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Ukraine Standoff: As Sanctions Start, Russia’s Trade Flow Shifts to China
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Ukraine Standoff: As Sanctions Start, Russia’s Trade Flow Shifts to China

Staff

After Russia invaded Ukraine earlier in the year, Western nations were quick to denounce its actions and swiftly enacted harsh sanctions against the country. The West hopes that the sanctions will punish Russia and act as a warning against other nations of the consequences of war. Although Russia has lost many friends in the West, it is still finding support from China.

Sanctions against Russia

The sanctions deny the Russian government and its companies’ access to U.S. dollar transactions and global markets for trade, energy exports, and financing. According to the White House, Russia makes 80 percent of its daily foreign exchange transactions and half its trade in dollars.

In 2014, the West sanctioned Russia for its annexation of Crimea. The sanctions may have worked because, according to the world bank, in 2013, Russia accounted for 2.8 percent of global trade; in 2020, it was down to 1.9 percent.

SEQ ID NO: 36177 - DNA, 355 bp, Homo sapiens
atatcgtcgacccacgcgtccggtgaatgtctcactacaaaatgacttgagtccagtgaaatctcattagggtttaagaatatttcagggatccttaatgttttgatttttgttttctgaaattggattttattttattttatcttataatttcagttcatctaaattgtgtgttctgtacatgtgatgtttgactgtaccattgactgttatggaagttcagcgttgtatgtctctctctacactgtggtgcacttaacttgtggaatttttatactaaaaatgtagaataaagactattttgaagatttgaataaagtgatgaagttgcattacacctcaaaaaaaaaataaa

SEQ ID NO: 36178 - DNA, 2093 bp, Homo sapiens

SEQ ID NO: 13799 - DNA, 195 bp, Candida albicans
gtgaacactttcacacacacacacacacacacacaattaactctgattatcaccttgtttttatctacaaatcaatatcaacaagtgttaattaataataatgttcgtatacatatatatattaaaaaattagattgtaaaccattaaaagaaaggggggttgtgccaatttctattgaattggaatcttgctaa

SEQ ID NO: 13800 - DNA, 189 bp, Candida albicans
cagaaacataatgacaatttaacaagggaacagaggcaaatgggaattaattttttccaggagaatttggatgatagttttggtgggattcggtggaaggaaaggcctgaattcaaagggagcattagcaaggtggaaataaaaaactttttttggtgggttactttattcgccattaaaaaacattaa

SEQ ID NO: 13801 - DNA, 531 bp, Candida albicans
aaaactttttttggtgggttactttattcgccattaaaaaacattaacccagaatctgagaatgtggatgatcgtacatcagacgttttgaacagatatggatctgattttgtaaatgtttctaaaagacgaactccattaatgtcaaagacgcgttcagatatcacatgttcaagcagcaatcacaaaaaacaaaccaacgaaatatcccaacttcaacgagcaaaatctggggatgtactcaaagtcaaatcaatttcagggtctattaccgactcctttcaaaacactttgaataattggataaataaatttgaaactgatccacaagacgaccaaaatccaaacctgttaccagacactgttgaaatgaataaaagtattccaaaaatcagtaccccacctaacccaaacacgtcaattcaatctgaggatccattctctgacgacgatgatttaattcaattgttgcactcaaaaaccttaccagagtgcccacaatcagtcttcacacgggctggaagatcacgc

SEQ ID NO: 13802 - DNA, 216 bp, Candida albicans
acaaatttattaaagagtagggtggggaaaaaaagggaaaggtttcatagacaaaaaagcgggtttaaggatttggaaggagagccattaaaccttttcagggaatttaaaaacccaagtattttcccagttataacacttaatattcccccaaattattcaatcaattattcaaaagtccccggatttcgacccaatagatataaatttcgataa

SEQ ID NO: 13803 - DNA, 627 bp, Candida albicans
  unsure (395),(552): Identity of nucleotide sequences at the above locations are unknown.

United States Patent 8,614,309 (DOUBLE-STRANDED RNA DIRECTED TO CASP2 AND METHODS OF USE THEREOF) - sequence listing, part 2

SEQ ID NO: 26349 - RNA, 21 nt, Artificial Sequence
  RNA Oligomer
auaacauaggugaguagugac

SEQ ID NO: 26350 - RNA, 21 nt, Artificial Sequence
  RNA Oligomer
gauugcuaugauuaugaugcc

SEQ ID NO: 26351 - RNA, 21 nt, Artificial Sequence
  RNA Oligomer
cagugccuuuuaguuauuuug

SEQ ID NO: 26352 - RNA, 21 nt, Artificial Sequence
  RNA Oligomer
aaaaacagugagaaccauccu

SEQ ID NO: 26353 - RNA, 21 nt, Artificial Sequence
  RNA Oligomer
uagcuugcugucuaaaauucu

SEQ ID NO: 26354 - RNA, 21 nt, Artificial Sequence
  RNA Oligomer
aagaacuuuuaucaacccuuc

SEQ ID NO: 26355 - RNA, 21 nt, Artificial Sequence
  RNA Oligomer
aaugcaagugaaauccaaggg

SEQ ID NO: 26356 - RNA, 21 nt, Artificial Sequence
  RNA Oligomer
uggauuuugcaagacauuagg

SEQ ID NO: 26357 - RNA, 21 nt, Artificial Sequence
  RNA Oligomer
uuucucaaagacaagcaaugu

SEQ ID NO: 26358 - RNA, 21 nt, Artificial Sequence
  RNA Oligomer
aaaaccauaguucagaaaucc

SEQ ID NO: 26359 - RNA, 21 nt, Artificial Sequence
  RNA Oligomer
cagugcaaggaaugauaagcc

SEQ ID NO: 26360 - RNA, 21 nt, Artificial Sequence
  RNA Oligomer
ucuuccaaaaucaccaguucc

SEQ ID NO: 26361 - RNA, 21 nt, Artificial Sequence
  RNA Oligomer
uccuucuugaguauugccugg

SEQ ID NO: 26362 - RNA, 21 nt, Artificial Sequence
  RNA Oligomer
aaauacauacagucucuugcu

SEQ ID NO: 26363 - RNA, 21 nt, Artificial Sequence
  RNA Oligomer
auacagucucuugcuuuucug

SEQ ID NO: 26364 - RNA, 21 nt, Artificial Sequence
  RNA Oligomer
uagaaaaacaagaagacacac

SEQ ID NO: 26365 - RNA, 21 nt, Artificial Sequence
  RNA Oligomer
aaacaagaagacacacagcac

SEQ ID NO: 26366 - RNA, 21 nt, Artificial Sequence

Russia’s Shift Toward China

Since 2014, Russia has shifted its trade away from the West toward China. For example, over a decade ago, the Netherlands was Russia's largest export destination due to oil; that role is now held by China. Trade with China accounted for 18 percent of Russia's total trade, or $147 billion.

China is also Russia's largest source of imports. Mobile phones, computers, telecommunications equipment, toys, textiles, clothing, and electronics parts are its most significant import categories.

EXIMA News

After the West banned Russia from the Swift international payment system, Chinese companies were forced to cut back business with Russia due to financing issues. The ban prompted Russia and China to tout their alternative payment systems, the System for Transfer of Financial Messages (STFM) and the Cross-Border Interbank Payment System (CIPS).

Can China Replace Russia’s Lost Trade?

China is a significant market for Russian oil, gas, and coal. It has been growing at 9 percent for the past five years, which, although fast, isn't fast enough. China is only half the size of the EU's demand for Russian oil.

The EU has agreed to cut reliance on Russian gas imports by two-thirds, and Germany (Russia's biggest gas customer) has halted plans for the Nord Stream 2 gas pipeline. The new pipeline between Russia and China (the Power of Siberia 2) will only have a fifth of the capacity of Nord Stream 2.

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